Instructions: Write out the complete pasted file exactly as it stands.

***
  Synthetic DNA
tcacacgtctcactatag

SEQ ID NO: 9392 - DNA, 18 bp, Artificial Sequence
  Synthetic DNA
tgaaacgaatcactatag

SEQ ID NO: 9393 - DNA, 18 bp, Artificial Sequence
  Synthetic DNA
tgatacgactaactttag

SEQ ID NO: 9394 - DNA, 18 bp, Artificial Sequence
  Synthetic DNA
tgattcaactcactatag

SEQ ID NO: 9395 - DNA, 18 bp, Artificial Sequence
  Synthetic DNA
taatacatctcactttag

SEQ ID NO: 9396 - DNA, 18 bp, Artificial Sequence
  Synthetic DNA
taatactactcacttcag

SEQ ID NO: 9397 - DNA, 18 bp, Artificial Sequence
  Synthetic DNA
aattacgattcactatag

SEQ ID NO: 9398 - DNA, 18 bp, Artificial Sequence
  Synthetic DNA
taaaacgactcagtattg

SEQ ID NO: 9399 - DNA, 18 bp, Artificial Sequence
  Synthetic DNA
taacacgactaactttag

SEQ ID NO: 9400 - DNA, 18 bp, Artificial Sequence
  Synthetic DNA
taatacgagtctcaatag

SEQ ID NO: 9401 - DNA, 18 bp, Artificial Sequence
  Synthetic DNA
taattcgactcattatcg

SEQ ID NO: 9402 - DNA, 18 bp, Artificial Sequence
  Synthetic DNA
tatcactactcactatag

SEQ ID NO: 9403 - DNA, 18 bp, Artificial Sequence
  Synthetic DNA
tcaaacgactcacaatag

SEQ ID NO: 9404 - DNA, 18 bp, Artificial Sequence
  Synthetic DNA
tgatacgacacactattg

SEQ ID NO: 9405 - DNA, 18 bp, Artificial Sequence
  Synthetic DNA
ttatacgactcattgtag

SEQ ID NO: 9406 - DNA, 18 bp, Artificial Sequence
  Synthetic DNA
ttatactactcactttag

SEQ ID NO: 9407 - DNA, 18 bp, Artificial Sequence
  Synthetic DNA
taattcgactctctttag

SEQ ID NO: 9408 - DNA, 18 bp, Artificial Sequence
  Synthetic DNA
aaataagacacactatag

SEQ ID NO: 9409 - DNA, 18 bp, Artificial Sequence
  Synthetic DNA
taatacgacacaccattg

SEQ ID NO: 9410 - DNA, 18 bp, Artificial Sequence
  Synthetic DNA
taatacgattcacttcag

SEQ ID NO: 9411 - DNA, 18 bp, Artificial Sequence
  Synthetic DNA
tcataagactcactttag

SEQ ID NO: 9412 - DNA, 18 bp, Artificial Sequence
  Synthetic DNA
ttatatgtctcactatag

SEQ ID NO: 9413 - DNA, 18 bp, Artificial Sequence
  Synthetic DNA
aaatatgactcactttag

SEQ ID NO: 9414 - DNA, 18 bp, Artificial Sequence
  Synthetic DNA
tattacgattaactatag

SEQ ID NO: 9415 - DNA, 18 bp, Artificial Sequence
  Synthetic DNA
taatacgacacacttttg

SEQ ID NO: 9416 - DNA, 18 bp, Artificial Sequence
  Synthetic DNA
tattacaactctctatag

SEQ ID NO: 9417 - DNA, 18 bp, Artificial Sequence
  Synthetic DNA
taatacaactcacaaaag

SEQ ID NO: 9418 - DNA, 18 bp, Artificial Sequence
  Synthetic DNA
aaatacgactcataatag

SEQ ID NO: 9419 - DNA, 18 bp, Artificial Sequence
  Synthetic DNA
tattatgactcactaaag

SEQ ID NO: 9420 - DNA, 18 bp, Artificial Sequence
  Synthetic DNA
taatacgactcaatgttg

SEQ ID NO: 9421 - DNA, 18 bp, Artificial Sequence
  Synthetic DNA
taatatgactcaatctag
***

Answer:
  Synthetic DNA
tcacacgtctcactatag

SEQ ID NO: 9392 - DNA, 18 bp, Artificial Sequence
  Synthetic DNA
tgaaacgaatcactatag

SEQ ID NO: 9393 - DNA, 18 bp, Artificial Sequence
  Synthetic DNA
tgatacgactaactttag

SEQ ID NO: 9394 - DNA, 18 bp, Artificial Sequence
  Synthetic DNA
tgattcaactcactatag

SEQ ID NO: 9395 - DNA, 18 bp, Artificial Sequence
  Synthetic DNA
taatacatctcactttag

SEQ ID NO: 9396 - DNA, 18 bp, Artificial Sequence
  Synthetic DNA
taatactactcacttcag

SEQ ID NO: 9397 - DNA, 18 bp, Artificial Sequence
  Synthetic DNA
aattacgattcactatag

SEQ ID NO: 9398 - DNA, 18 bp, Artificial Sequence
  Synthetic DNA
taaaacgactcagtattg

SEQ ID NO: 9399 - DNA, 18 bp, Artificial Sequence
  Synthetic DNA
taacacgactaactttag

SEQ ID NO: 9400 - DNA, 18 bp, Artificial Sequence
  Synthetic DNA
taatacgagtctcaatag

SEQ ID NO: 9401 - DNA, 18 bp, Artificial Sequence
  Synthetic DNA
taattcgactcattatcg

SEQ ID NO: 9402 - DNA, 18 bp, Artificial Sequence
  Synthetic DNA
tatcactactcactatag

SEQ ID NO: 9403 - DNA, 18 bp, Artificial Sequence
  Synthetic DNA
tcaaacgactcacaatag

SEQ ID NO: 9404 - DNA, 18 bp, Artificial Sequence
  Synthetic DNA
tgatacgacacactattg

SEQ ID NO: 9405 - DNA, 18 bp, Artificial Sequence
  Synthetic DNA
ttatacgactcattgtag

SEQ ID NO: 9406 - DNA, 18 bp, Artificial Sequence
  Synthetic DNA
ttatactactcactttag

SEQ ID NO: 9407 - DNA, 18 bp, Artificial Sequence
  Synthetic DNA
taattcgactctctttag

SEQ ID NO: 9408 - DNA, 18 bp, Artificial Sequence
  Synthetic DNA
aaataagacacactatag

SEQ ID NO: 9409 - DNA, 18 bp, Artificial Sequence
  Synthetic DNA
taatacgacacaccattg

SEQ ID NO: 9410 - DNA, 18 bp, Artificial Sequence
  Synthetic DNA
taatacgattcacttcag

SEQ ID NO: 9411 - DNA, 18 bp, Artificial Sequence
  Synthetic DNA
tcataagactcactttag

SEQ ID NO: 9412 - DNA, 18 bp, Artificial Sequence
  Synthetic DNA
ttatatgtctcactatag

SEQ ID NO: 9413 - DNA, 18 bp, Artificial Sequence
  Synthetic DNA
aaatatgactcactttag

SEQ ID NO: 9414 - DNA, 18 bp, Artificial Sequence
  Synthetic DNA
tattacgattaactatag

SEQ ID NO: 9415 - DNA, 18 bp, Artificial Sequence
  Synthetic DNA
taatacgacacacttttg

SEQ ID NO: 9416 - DNA, 18 bp, Artificial Sequence
  Synthetic DNA
tattacaactctctatag

SEQ ID NO: 9417 - DNA, 18 bp, Artificial Sequence
  Synthetic DNA
taatacaactcacaaaag

SEQ ID NO: 9418 - DNA, 18 bp, Artificial Sequence
  Synthetic DNA
aaatacgactcataatag

SEQ ID NO: 9419 - DNA, 18 bp, Artificial Sequence
  Synthetic DNA
tattatgactcactaaag

SEQ ID NO: 9420 - DNA, 18 bp, Artificial Sequence
  Synthetic DNA
taatacgactcaatgttg

SEQ ID NO: 9421 - DNA, 18 bp, Artificial Sequence
  Synthetic DNA
taatatgactcaatctag